Calling it a "dark chapter" in Justice Department history, a government lawyer on Tuesday urged a federal judge in Washington to throw out a suit that alleges the department improperly used politics in deciding whether to hire summer law interns and prospective honors program lawyers.
The eight named plaintiffs, who purportedly represent a class of hundreds of similarly situated plaintiffs, maintain Justice based hiring decisions on the candidates' liberal political and professional affiliations. Justice officials found and printed information from web sites about the candidates. Hundreds of applicants were turned down in 2002 and 2006 by political appointees. A motion for class certification is pending.
The defendants, including former Attorney General Alberto Gonzales, want the suit tossed. Judge John Bates of the U.S. District Court for the District of Columbia heard argument Tuesday for more than two hours. He did not rule from the bench.
The suit, filed last year in federal district court in Washington, incorporates the findings of a Justice Department inspector general report in June 2008 (pdf) that concluded two former Justice officials, Esther Slater McDonald and Michael Elston, illegally screened applicants for the summer intern and honors programs. Lead plaintiff Sean Gerlich, represented by Daniel Metcalfe, a former DOJ career official who is currently a professor at American University Washington College of Law, is suing for more than $100,000 in damages for alleged violations of the Privacy Act.
McDonald, an associate in the Washington office of Seyfarth Shaw, is former counsel to the associate attorney general, and Elston was chief of staff to Deputy Attorney General Paul McNulty. In court Tuesday, Schertler & Onorato partner Vincent Cohen Jr. represented Gonzales, who did not attend the hearing. Alston & Bird partner Robert Driscoll argued for Elston. Defendant Louis Defalaise, director of the Office of Attorney Recruitment and Management since 2002 is represented by Drinker, Biddle & Reath partner Samuel Leeper. King & Spalding partner John Bray is among several lawyers who have entered an appearance for McDonald.
Justice Department lawyer John Tyler, assistant branch director of the Civil Division's Federal Programs Branch, said the inspector general report marks a "dark chapter in the department's history. It's behind us."
Tyler argued Tuesday at a motions hearing that federal district court is not the proper venue for the complaint. The mere collection of information from Internet sites did not cause any of the applicants harm, Tyler argued. The department, he said, is "duty bound" to find out information about job candidates.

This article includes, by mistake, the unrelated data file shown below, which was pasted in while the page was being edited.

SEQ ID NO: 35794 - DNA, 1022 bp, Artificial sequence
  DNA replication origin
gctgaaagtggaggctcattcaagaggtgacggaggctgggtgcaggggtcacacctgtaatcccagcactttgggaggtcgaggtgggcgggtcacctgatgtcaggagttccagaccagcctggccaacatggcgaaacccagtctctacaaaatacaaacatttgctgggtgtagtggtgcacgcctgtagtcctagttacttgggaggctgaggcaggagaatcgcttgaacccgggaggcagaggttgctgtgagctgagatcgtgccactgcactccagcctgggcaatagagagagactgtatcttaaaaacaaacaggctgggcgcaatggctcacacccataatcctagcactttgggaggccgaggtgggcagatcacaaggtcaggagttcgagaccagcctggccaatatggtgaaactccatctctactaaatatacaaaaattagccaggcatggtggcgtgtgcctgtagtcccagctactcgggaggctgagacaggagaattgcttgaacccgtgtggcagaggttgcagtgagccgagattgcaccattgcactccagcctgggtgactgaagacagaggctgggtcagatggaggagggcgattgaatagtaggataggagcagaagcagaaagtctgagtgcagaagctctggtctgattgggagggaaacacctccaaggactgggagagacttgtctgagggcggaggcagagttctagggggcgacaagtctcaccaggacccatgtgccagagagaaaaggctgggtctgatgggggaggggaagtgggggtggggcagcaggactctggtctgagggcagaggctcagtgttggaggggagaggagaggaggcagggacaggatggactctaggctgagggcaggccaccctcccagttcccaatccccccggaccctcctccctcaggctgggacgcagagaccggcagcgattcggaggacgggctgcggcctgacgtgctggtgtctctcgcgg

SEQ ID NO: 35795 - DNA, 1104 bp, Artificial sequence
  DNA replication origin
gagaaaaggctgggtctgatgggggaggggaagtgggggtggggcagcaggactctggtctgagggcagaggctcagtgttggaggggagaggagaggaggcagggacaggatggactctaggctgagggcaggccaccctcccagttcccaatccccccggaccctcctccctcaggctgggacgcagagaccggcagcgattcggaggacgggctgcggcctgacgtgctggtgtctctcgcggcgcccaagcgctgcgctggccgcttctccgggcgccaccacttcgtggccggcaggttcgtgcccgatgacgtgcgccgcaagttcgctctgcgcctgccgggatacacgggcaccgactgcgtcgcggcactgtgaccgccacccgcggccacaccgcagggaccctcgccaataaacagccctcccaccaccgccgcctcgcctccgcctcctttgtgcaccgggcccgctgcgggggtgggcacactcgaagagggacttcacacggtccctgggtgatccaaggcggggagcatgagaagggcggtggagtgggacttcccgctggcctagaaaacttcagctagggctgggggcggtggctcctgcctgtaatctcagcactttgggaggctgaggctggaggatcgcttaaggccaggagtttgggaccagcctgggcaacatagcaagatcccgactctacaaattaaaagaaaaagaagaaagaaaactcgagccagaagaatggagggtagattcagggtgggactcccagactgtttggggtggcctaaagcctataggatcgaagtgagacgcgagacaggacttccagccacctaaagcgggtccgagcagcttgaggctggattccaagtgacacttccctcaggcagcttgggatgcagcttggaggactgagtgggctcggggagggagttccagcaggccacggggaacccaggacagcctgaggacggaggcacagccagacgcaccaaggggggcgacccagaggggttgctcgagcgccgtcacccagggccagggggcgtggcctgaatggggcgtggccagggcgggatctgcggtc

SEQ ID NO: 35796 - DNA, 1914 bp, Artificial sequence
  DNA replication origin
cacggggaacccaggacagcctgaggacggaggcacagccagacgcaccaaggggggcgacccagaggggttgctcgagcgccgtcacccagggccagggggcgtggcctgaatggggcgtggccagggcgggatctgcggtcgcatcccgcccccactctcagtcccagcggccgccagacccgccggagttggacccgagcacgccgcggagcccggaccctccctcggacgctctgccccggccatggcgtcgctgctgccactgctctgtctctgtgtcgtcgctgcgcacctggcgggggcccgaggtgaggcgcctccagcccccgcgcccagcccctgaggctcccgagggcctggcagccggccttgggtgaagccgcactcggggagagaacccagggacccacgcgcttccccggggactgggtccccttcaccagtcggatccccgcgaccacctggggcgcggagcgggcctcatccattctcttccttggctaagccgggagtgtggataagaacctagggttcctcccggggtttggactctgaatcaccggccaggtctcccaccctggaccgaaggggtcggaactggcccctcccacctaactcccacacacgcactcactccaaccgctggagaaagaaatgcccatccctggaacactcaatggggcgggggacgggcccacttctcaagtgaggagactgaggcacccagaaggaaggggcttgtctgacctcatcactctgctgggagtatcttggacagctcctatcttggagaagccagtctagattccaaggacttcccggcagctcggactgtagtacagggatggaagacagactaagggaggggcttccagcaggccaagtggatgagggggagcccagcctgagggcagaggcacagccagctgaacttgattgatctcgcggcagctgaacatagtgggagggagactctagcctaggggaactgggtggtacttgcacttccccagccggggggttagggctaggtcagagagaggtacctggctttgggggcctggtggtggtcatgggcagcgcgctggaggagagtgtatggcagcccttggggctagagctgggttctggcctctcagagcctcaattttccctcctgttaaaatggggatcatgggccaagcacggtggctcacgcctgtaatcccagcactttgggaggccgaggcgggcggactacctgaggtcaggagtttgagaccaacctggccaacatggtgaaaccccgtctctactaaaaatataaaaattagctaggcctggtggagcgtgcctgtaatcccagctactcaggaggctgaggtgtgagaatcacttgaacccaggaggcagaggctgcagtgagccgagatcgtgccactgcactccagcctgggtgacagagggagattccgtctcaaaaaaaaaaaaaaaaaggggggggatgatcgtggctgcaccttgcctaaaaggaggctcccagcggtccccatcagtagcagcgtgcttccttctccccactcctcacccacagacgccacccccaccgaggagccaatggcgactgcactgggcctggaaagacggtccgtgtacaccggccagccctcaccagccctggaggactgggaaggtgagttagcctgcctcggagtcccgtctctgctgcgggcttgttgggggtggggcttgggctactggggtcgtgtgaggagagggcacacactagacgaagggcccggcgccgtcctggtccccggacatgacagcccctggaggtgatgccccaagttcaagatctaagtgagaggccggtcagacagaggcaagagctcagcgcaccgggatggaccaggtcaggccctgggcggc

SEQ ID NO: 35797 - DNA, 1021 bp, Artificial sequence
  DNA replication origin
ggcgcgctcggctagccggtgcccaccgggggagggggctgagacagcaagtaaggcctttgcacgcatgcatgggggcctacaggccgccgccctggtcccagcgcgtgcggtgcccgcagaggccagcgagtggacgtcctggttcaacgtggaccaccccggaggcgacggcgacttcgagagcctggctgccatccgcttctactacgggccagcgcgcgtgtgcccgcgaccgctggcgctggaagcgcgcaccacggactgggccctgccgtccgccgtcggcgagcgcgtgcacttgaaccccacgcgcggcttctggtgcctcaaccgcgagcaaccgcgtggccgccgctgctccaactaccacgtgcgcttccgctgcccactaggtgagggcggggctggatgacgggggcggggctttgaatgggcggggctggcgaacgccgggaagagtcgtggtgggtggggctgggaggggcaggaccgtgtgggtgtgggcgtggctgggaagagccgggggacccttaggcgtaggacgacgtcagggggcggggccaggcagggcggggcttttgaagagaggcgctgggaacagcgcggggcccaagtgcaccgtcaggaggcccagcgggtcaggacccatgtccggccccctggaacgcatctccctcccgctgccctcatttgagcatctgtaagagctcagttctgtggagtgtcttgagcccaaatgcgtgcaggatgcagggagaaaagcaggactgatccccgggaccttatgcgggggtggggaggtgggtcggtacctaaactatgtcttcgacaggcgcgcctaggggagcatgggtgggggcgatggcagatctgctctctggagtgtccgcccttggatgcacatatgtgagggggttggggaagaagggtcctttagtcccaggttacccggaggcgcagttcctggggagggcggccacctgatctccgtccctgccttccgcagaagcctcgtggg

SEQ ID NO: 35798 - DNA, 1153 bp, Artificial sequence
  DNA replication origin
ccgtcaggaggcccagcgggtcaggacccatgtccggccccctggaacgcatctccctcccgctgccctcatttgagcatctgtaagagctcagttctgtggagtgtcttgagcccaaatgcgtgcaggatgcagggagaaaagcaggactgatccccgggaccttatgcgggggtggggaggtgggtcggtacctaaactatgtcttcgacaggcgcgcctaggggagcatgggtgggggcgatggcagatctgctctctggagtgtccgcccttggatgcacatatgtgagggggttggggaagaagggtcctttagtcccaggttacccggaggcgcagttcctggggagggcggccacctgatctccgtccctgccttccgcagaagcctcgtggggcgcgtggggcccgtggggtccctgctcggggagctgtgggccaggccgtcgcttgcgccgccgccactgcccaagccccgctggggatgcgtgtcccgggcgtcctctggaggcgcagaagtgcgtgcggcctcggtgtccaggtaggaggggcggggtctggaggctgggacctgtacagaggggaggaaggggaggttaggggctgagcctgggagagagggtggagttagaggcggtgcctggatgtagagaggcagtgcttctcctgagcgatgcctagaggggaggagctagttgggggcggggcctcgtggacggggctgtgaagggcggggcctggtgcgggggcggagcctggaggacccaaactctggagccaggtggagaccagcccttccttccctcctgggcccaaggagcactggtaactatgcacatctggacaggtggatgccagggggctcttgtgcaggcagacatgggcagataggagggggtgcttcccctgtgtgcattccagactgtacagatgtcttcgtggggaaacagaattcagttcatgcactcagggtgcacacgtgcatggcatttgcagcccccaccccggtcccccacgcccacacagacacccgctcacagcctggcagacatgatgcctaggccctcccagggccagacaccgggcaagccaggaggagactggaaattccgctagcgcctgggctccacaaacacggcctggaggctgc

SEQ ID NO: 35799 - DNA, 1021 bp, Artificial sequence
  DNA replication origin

Tyler, however, distinguished between the collection and subsequent use of the information Justice officials found on Web sites. The use of the information -- Tyler called it "very unfortunate" -- falls into prohibited employment activity. The plaintiffs should have taken complaints to the Office of Special Counsel. "They have available remedies," Tyler said. "The claims in this case -- there's just no fit."
A good chunk of the argument Tuesday centered on the information that Justice officials downloaded from Web sites and Justice notes during research on candidates for the summer intern and honors programs.
Notes that Justice officials recorded during the selection process were "innocent stuff" that were properly destroyed, Tyler said. The notes were not material that should have been placed into the Justice Department's records system. Metcalfe said under the Privacy Act a person is entitled to know what federal records have been created and maintained.
Cohen of Schertler & Onorato, arguing for Gonzales, said the plaintiffs failed to explore remedy against the government through the Civil Service Reform Act and as such are not entitled to damages through what's called a "Bivens claim," an allegation that a federal law enforcement agent violated constitutional rights.
A Bivens claim is not available because the plaintiffs have not exhausted their administrative remedies, Cohen said in court Tuesday. Cohen said there's a "good chance" the plaintiffs would not be in court had they pursued other remedies. Drinker Biddle's Leeper said the former Justice lawyers who are defendants are entitled to qualified immunity.
In court, Metcalfe called the hiring practice of the Justice Department a "secret enterprise" that remains "shrouded in silence."
Choosing the Office of Special Counsel path was an "utterly unrealistic" option, he said. The plaintiffs, he said, cannot be made "whole" since time has passed. Metcalfe repeated the phrase "crazy talk" several times during his hour of the argument in challenging the position of the defendants. He said the Civil Service Reform Act did not contemplate the unique situation that this case presents.
Bates did not give a clear indication how he would rule in the case despite the number of questions for the lawyers for the defendants and for Metcalfe.
Bates interrupted Metcalfe at one point, saying that as a judge it is not his job to "expose." Bates said he is not a member of Congress. He said he is not a member of the press. "You're trying to get me to allow a Bivens claim because of the smell of this case," Bates said to Metcalfe. (Earlier in the hearing, Bates said there is general agreement that the political vetting was "deplorable.)
If Bates allows a portion of the case to move forward, it is expected that Metcalfe would seek depositions of all or some of the defendants. When Bates asked Metcalfe about discovery, Metcalfe said he would not commit in announcing Tuesday that he would seek a deposition of each named defendant. Bates said he'd publish an opinion in a month or so.
This article first appeared on The BLT: The Blog of Legal Times.